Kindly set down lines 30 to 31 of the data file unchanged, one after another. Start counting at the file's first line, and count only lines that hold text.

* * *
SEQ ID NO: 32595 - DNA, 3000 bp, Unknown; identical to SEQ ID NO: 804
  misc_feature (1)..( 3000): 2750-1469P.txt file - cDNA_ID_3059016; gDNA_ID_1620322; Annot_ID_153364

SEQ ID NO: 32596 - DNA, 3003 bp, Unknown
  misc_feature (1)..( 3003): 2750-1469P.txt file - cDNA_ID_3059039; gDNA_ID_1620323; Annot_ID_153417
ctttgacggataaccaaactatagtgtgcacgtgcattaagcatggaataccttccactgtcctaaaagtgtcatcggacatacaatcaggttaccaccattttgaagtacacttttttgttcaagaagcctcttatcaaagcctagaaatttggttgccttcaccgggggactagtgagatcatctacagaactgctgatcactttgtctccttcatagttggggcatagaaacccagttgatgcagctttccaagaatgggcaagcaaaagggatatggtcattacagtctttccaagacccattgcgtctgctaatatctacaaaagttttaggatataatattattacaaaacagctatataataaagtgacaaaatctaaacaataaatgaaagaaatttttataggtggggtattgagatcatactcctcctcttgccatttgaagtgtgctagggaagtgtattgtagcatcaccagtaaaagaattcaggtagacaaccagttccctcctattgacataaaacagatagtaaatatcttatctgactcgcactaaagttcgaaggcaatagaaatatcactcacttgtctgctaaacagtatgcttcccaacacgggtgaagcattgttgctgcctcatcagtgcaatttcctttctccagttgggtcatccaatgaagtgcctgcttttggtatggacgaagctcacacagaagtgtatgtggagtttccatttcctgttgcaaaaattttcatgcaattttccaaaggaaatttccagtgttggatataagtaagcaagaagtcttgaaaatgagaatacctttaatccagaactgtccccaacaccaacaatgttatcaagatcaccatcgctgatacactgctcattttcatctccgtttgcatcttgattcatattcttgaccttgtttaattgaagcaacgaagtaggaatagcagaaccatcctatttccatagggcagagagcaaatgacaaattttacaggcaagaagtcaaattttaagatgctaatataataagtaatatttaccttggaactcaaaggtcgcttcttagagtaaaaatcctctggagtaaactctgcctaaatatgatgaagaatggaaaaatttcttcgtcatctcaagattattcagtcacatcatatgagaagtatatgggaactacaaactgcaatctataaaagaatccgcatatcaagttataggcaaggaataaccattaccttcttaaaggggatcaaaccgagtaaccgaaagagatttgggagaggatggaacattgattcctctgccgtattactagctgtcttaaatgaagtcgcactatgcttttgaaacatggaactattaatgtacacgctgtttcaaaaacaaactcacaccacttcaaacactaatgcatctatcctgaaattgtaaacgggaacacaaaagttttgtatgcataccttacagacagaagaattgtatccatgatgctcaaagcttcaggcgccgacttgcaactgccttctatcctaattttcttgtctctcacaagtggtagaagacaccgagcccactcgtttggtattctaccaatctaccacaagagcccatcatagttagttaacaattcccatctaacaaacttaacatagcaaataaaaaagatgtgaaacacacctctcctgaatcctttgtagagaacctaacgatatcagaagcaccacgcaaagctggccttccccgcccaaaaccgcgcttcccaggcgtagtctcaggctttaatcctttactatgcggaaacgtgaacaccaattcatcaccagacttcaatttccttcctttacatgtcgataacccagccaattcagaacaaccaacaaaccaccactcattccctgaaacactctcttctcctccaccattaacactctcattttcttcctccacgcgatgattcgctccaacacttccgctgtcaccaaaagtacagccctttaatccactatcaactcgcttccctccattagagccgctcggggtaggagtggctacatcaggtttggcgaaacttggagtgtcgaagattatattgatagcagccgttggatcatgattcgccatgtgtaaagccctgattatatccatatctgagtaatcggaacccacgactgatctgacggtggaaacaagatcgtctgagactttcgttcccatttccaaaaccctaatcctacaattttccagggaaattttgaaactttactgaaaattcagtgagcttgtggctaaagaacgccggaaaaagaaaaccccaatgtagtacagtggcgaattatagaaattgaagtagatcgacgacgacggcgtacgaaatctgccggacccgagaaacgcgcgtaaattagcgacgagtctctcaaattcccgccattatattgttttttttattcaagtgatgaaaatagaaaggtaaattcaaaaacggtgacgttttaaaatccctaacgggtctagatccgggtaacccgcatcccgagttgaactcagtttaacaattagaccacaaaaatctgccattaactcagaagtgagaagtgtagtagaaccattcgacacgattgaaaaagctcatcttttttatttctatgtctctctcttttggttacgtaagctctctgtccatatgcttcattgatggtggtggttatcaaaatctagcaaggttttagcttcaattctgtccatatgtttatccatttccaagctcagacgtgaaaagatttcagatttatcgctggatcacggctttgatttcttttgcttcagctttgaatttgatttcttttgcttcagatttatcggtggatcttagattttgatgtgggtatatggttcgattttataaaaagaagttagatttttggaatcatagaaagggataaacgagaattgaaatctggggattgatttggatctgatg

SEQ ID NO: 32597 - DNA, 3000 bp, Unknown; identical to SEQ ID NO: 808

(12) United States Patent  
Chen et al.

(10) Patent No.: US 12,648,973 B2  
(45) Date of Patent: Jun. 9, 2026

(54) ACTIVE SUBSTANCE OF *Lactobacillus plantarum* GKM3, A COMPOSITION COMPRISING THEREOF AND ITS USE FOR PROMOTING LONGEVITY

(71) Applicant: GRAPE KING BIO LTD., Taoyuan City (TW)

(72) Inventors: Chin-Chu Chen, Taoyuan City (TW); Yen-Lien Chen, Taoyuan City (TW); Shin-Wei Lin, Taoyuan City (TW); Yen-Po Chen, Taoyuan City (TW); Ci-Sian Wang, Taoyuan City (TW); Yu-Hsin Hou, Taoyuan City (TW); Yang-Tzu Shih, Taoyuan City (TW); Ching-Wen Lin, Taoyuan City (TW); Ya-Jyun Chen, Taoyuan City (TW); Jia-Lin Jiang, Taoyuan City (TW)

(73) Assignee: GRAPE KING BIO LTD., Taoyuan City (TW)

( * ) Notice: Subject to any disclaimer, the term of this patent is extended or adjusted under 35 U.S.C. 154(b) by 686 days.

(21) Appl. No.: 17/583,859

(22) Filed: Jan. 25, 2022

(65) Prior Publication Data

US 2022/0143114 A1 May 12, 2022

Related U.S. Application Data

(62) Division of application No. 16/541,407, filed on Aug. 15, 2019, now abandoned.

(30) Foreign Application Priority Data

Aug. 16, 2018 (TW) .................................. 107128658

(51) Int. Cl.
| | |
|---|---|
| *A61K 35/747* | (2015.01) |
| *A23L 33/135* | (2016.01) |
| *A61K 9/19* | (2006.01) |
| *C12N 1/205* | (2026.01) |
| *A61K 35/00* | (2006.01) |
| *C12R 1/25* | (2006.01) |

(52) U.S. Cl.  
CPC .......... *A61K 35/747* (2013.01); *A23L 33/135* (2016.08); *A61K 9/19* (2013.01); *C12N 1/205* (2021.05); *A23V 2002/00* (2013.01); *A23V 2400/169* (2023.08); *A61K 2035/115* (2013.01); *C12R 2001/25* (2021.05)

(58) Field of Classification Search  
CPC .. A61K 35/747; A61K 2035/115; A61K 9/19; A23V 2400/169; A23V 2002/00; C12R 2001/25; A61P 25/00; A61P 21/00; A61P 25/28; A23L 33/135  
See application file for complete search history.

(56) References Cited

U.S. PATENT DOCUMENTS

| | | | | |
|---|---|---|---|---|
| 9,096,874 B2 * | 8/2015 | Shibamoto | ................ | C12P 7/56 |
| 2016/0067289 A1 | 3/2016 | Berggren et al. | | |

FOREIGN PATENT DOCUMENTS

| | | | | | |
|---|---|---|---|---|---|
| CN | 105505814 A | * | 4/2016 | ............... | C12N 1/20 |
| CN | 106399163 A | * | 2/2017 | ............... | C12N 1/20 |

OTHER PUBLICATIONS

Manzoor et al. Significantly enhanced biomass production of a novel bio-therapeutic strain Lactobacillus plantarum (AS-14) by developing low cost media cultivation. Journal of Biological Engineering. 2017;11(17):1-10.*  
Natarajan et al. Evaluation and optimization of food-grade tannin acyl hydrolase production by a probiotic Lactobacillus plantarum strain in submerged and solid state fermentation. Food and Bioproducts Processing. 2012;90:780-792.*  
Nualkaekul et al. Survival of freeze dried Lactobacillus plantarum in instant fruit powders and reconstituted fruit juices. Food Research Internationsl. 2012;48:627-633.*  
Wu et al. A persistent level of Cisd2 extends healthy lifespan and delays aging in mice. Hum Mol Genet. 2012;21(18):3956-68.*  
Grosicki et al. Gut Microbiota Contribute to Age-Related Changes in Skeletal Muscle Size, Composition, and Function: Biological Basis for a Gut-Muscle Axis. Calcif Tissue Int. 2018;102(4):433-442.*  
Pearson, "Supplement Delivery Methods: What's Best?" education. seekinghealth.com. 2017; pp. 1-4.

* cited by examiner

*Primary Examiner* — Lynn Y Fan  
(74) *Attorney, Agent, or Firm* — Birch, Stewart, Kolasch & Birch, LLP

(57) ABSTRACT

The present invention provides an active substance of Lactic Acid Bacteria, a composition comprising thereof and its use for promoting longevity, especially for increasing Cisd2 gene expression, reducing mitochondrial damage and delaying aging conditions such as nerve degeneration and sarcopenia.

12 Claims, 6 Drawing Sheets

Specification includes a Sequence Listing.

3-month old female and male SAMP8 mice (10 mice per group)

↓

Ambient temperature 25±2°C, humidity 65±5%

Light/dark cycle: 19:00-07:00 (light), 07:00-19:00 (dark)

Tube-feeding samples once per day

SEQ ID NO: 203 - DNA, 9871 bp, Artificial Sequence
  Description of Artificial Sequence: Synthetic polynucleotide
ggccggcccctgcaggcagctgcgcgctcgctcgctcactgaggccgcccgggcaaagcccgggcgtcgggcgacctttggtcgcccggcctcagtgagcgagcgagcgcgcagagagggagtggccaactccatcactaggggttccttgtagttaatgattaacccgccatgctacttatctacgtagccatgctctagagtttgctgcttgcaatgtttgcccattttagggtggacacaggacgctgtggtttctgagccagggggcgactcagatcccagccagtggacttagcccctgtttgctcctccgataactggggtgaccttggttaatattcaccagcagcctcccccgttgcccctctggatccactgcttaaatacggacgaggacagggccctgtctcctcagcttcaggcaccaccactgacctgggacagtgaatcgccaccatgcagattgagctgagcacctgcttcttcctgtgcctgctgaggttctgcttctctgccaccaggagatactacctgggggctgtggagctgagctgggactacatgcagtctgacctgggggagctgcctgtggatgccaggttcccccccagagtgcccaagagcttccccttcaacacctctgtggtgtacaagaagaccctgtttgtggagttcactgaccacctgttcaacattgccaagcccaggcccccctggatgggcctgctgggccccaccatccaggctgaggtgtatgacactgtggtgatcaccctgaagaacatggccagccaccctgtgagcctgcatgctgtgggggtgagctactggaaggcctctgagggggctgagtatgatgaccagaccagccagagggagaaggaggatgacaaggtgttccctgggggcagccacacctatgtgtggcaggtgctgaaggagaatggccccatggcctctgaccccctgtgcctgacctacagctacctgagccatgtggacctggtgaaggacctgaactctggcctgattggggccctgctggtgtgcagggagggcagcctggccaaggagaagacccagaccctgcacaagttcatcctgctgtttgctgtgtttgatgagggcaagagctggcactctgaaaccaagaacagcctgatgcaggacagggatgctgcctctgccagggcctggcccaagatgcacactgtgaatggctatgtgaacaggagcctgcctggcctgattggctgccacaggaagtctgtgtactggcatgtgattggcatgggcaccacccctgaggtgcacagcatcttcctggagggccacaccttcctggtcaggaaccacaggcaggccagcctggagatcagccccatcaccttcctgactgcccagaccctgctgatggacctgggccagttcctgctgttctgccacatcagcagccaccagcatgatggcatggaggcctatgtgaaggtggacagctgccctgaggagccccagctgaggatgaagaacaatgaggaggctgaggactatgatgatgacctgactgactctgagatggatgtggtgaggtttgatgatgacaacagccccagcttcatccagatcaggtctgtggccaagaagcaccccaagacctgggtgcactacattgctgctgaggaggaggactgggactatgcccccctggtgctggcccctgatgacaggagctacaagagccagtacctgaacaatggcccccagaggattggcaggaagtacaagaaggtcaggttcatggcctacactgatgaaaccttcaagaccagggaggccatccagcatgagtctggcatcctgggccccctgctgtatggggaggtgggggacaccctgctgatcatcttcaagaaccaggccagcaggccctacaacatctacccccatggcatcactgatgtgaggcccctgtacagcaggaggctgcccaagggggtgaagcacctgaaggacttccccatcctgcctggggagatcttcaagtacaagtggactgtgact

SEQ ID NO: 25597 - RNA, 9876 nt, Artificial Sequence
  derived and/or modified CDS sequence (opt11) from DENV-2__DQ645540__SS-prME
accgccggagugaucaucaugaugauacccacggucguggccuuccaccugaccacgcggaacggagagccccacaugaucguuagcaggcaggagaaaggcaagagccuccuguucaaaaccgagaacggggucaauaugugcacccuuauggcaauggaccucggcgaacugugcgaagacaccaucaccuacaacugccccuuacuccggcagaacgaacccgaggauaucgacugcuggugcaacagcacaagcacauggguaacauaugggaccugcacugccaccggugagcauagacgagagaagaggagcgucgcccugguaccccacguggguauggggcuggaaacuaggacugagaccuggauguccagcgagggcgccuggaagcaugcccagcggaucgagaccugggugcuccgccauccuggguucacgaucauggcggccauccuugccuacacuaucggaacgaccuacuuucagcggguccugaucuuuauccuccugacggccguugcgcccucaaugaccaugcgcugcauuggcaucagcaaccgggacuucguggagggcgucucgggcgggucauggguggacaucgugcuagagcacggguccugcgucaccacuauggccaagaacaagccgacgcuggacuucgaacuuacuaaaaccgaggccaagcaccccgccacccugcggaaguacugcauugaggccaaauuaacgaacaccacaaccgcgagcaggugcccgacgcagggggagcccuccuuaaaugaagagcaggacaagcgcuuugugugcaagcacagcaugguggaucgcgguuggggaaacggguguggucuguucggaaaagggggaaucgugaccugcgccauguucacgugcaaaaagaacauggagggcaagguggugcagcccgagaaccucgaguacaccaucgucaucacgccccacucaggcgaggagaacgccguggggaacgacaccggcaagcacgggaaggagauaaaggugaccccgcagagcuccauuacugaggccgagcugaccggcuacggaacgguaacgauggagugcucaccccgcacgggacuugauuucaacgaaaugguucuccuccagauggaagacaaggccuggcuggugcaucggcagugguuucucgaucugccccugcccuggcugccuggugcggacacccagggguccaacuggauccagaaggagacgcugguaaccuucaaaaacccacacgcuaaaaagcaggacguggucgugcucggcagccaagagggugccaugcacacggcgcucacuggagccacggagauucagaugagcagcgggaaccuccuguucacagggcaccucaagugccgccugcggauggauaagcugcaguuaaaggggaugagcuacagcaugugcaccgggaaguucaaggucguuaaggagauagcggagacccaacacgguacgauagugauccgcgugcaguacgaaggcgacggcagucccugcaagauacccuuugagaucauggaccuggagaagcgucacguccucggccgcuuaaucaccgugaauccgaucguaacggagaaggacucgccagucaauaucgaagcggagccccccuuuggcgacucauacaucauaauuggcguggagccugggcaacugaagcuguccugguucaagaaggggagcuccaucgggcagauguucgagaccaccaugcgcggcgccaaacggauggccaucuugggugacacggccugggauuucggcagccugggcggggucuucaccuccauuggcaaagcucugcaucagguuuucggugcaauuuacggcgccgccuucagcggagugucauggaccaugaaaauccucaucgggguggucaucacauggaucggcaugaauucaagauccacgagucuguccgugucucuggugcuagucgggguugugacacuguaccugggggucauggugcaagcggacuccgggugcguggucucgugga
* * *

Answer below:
| *C12N 1/205* | (2026.01) |
| *A61K 35/00* | (2006.01) |